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Compliance-- Recent events
Well after a some vacation time its back to blogging again on topics I enjoy. I'm going to ramble a bit on the next few posts about the ever changing world of Health Care Compliance and throw in a little HEDIS and NCQA for good measure. Well since the Supreme Court punted on the Health Care Act and said it was Congress's responsibility it still doesn't really settle the issue. However in the world of compliance, funding may change but regulations and requirements don't... One thing is for certain is that Federal Dollars are going to be tighter and hard to get. In some ways the regulations that HHS have developed are cost saving benefits. If you don't have a 4 or 5 star Medicare rating you aren't going to get the maximum federal payout as the years go by. As the populations gets older and the strain on the system is going to get heavier and compliance with federal guideline with get more stringent. Plans will need to show improvement with their HEDIS measures covered by STARS. Some measures will get new weight others less but these ranking will never go away.
Congress really doesn't get this deep into regulations and rules and allows this to be the responsibility of the governing federal agency. That's why the funding may change but the rules won't. Or they might become an unfunded mandate(a nightmare for many entities). Most of the people serving in congress do not have technical or clinical backgrounds and really have no idea what is being discussed. They rely on staff members to make recommendations with constituent feedback(hopefully). Throw in a whole bunch of lobbyists and you get the current mess we have. That's why congress punts most of the time on regulations and relies on the governing body to put those in place.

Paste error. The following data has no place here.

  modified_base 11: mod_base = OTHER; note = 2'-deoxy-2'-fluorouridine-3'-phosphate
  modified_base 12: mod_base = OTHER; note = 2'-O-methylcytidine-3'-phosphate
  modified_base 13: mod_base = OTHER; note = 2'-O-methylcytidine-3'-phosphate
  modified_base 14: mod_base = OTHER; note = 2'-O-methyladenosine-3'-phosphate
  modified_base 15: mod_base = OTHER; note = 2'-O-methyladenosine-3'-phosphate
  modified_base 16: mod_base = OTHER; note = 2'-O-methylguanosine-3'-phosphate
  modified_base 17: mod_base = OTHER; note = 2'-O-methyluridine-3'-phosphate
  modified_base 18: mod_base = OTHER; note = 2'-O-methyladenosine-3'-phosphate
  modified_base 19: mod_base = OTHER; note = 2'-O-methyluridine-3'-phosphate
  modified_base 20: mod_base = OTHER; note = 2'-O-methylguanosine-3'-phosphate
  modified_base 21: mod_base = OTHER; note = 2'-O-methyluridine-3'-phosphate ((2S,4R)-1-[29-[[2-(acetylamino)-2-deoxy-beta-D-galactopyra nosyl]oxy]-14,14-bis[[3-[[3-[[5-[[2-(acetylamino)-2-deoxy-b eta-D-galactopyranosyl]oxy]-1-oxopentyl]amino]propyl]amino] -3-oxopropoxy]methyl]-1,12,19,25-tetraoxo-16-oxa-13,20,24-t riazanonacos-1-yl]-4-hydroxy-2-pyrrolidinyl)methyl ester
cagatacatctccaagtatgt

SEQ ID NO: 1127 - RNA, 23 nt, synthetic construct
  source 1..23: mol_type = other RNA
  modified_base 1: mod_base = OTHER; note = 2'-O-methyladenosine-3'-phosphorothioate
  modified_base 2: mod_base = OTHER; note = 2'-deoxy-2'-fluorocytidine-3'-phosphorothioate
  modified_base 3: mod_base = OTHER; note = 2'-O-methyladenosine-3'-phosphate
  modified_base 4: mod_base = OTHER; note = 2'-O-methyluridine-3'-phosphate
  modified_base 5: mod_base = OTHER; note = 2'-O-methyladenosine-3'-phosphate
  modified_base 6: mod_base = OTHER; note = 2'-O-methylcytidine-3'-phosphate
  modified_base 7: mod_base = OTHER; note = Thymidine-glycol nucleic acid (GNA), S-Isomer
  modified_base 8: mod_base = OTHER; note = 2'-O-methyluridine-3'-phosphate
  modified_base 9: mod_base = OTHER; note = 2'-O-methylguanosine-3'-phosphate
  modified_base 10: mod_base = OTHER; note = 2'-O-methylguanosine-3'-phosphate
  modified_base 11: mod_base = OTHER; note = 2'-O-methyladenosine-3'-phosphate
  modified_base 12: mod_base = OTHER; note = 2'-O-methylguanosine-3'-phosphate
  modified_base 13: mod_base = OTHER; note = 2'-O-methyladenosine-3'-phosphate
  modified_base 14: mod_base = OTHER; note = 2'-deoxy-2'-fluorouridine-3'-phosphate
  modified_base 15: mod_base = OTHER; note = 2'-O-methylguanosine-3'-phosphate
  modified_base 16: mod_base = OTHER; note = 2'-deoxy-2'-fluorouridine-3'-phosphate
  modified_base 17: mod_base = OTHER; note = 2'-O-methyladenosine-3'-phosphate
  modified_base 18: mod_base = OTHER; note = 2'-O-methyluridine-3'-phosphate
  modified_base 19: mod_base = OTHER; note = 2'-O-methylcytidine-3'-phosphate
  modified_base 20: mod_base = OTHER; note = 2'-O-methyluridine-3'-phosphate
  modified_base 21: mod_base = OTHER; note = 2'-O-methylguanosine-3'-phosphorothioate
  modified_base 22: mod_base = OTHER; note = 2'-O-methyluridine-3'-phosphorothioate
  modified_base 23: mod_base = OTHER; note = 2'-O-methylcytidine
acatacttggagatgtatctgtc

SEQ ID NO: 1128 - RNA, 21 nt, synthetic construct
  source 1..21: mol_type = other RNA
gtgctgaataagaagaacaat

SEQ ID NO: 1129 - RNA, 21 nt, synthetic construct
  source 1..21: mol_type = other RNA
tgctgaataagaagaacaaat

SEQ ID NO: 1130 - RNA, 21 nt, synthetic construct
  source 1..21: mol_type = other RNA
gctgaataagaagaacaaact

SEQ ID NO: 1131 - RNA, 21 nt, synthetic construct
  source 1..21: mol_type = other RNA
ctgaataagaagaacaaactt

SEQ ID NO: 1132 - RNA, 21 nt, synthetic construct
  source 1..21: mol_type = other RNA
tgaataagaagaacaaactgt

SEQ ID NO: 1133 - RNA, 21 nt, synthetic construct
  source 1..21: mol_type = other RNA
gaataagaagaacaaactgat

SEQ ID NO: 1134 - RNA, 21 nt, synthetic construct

Let's take the topic of the ICD-10 conversion. It's scheduled to go live in October of 2013. However they might move to 2014 now. However that's only a proposed change so what do you do? Well you better assume that its going to be next year. Compliance is about risk avoidance and good practices. The safe path is to be ready for next year and if it changes you are already prepared and have less work to do.. Besides you'll get better identification and stratification by converting as the level of detail with ICD-10 is greater(unfortunately a bit more complex). I find it surprising that they want to delay it again(there must be some lobbyist group putting pressure on HHS). At this rate you might as well convert to ICD-11...
Original Publish Date : Tue, Jul 17, 2012
Tue, Jul 17, 2012 09:33 AM
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